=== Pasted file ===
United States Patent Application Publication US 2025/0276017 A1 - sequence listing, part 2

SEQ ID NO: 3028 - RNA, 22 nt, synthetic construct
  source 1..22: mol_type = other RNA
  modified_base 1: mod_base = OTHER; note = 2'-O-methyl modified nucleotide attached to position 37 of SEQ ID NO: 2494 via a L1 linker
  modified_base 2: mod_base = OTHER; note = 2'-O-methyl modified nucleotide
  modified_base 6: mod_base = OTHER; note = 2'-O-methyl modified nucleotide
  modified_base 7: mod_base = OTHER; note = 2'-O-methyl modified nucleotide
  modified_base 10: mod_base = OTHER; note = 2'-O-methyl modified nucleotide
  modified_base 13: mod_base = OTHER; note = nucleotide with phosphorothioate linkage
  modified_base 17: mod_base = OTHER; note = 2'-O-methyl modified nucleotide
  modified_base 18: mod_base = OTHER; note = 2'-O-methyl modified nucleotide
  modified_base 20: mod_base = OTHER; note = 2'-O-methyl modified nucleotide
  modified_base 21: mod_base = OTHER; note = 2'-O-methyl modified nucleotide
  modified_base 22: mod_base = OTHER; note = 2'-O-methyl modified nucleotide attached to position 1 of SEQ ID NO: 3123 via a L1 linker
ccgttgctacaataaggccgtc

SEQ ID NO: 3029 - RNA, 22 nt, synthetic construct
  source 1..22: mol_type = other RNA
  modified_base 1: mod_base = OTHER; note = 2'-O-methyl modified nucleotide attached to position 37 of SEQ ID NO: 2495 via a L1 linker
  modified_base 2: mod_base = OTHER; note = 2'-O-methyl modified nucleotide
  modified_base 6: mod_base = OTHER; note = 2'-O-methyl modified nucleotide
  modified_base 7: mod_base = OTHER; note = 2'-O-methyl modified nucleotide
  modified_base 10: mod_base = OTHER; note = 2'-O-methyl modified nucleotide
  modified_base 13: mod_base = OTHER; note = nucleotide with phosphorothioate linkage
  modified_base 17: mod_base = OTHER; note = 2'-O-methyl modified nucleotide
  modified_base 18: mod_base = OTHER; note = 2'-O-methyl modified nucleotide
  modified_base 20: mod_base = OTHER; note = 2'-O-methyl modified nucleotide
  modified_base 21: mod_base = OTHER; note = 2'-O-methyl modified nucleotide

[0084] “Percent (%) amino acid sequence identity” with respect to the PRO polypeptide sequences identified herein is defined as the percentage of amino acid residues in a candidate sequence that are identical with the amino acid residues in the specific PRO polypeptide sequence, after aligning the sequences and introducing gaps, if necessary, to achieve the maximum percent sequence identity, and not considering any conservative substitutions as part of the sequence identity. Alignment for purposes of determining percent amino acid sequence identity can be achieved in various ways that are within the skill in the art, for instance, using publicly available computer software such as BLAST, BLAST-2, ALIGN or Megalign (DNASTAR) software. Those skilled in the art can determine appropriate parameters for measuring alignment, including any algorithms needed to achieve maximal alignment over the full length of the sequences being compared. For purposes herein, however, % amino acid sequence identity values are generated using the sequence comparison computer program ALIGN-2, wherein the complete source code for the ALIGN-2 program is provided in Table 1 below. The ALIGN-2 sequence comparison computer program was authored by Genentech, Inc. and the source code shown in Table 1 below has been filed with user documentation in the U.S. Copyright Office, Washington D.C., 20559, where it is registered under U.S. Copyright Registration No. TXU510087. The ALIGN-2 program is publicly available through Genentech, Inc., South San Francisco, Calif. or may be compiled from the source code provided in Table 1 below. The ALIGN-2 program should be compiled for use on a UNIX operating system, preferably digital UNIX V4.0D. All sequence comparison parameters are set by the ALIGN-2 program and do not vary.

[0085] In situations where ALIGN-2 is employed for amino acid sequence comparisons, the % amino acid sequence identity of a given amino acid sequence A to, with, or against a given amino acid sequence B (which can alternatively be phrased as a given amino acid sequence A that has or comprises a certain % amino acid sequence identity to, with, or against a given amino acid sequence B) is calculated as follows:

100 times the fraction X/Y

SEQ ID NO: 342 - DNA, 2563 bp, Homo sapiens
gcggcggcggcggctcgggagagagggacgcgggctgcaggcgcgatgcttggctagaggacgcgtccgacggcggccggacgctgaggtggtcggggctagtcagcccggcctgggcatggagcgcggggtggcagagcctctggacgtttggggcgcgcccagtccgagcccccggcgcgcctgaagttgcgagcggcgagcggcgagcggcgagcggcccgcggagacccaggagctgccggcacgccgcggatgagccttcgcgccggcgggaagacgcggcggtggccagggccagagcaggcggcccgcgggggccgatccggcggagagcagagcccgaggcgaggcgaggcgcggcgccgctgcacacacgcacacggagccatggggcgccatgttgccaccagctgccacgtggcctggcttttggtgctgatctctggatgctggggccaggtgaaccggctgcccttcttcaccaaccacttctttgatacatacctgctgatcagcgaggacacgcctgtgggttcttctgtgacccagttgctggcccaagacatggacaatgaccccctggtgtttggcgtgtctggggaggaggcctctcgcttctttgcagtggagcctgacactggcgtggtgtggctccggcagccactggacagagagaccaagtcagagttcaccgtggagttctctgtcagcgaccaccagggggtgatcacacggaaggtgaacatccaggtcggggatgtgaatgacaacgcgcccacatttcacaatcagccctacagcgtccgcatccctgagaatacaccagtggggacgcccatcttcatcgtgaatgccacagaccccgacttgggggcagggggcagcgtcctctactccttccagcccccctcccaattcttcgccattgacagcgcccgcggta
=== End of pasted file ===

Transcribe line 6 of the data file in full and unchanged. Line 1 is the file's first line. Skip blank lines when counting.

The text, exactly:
  modified_base 6: mod_base = OTHER; note = 2'-O-methyl modified nucleotide